Giving Compass' Take:
- Equitable Growth's factsheet pinpoints deficiencies in justice and economic stability as a result of porous American paid leave policies.
- How have issues with paid family and medical leave reached new heights as Americans struggle through the coronavirus pandemic? What can we do to make sure policy changes benefit all American women equitably?
- Read about how problems with American paid leave policies have persisted since well before the pandemic.
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The United States is the only advanced economy in the Organisation for Economic Co-operation and Development that does not guarantee any paid family and medical leave to its entire workforce. Though 10 U.S. states and localities have currently implemented or have begun to implement programs for their residents, there is no nationwide paid family and medical leave plan that covers all workers across the country regardless of where they live or work.
As a result of this policy choice, U.S. workers, their families, and their employers often lack the resources and support they need during a family transition or health shock, including the arrival of a new child, an aging parent, a diagnosis of an illness, and personal injuries. When paid leave from work to deal with and adjust to these moments is needed but not available, workers are forced to choose between their responsibilities at home and earning a paycheck, which can have far-reaching implications for families, employers, and the broader economy.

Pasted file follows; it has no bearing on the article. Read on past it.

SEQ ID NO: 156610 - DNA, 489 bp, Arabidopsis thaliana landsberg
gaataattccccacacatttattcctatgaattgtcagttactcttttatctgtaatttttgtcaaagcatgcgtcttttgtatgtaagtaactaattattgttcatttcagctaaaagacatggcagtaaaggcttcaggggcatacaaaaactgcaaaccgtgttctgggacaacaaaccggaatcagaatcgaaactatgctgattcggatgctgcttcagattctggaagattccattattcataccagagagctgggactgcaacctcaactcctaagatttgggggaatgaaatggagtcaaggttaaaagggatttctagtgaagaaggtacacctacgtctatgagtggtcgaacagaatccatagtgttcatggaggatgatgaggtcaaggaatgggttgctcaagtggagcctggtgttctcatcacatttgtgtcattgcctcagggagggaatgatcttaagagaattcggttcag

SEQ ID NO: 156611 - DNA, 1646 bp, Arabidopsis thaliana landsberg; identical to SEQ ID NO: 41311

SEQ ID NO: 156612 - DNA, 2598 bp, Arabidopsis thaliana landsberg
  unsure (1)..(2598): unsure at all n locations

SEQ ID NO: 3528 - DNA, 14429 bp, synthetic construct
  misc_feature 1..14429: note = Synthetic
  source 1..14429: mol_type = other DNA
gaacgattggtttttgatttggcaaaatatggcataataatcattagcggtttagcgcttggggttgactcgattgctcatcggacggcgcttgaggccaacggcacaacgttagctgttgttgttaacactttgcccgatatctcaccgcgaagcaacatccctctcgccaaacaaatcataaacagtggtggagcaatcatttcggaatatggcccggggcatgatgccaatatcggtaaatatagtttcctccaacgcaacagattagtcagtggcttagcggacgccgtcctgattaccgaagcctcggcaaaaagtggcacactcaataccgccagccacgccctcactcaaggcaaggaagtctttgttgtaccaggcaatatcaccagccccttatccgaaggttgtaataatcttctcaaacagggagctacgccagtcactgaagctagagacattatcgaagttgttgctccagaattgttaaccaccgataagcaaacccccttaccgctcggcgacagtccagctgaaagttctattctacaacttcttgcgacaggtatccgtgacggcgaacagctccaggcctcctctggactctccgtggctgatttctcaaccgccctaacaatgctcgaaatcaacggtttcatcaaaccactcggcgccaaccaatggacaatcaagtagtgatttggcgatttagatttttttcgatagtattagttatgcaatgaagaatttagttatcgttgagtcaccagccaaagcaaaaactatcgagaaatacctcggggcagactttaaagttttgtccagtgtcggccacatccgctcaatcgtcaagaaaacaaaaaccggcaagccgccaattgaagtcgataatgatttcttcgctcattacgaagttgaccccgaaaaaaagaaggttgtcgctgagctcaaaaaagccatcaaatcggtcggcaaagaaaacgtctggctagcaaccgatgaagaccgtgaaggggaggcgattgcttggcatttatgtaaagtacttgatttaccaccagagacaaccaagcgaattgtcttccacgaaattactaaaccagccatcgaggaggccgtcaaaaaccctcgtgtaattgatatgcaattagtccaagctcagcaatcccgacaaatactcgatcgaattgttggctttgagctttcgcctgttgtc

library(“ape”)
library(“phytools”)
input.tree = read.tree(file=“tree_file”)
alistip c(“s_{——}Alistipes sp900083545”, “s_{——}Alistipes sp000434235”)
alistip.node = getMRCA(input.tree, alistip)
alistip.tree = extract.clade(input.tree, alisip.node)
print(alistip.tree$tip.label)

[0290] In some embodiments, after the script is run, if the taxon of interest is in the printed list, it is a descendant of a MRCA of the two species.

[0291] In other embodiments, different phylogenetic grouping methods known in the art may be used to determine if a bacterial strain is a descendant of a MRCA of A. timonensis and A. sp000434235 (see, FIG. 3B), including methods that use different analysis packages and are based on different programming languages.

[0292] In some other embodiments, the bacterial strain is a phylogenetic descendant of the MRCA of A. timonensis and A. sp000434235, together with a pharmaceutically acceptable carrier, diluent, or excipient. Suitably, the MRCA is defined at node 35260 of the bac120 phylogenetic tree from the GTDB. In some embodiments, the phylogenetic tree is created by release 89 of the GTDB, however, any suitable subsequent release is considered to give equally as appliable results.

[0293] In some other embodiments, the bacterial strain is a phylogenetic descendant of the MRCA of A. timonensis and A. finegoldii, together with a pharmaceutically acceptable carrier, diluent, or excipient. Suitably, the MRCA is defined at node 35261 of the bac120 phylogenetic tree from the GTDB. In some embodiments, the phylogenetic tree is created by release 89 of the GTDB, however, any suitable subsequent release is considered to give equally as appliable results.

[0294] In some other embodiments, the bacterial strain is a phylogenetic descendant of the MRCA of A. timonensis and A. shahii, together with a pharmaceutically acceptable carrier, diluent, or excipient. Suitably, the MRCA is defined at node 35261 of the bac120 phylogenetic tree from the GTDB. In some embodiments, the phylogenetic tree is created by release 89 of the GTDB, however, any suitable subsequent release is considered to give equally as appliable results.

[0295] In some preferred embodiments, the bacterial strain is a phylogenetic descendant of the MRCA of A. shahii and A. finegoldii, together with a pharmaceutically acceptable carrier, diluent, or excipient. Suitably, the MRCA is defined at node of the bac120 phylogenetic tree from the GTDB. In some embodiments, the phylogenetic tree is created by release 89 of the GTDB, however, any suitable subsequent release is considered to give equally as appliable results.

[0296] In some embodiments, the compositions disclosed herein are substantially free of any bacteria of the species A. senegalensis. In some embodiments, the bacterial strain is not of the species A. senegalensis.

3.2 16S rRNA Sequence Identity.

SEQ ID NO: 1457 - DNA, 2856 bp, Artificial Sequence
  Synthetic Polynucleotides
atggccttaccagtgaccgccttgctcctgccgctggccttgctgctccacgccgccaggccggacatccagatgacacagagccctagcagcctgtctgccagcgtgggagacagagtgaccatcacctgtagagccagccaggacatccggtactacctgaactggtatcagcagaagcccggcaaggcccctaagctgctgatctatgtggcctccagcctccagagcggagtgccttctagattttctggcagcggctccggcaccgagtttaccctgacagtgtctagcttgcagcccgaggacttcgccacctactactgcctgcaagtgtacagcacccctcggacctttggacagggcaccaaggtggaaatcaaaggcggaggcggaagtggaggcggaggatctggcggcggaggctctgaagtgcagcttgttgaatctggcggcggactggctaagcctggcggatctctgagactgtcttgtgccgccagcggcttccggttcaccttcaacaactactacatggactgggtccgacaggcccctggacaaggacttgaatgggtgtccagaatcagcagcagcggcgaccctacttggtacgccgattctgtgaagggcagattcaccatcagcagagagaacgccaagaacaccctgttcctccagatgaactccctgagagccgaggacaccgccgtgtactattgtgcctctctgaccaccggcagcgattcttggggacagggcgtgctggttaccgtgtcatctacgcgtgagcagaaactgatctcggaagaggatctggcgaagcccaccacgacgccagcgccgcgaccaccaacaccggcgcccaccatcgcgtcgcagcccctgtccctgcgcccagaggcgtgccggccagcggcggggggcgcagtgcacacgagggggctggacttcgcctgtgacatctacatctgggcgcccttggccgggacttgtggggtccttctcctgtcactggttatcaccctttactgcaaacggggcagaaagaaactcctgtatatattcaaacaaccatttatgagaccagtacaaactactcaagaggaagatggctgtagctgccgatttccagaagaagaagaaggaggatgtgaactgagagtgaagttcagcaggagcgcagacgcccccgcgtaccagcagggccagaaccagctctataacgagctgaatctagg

The coronavirus pandemic and recession exacerbated these longstanding caregiving and work-life conflicts for U.S. workers. As the nation emerges from the greatest health, economic, and caregiving crises in a generation, though, policymakers preparing for the post-pandemic economy are proposing investments in U.S. physical and caregiving infrastructure. Inequities in the recovery from the coronavirus recession point to the importance of these investments. In March 2021, for instance, U.S. women’s labor force participation rate was 56.1 percent, a 33-year low, and women of color have been hit the hardest.
This factsheet looks at research on—and lessons learned from—state-provided paid family and medical leave programs in the United States. Building on this evidence and these lessons in establishing a national paid leave guarantee would address one of the most pressing deficiencies in the nation’s caregiving infrastructure.
Read the full article about American paid leave policies at Equitable Growth.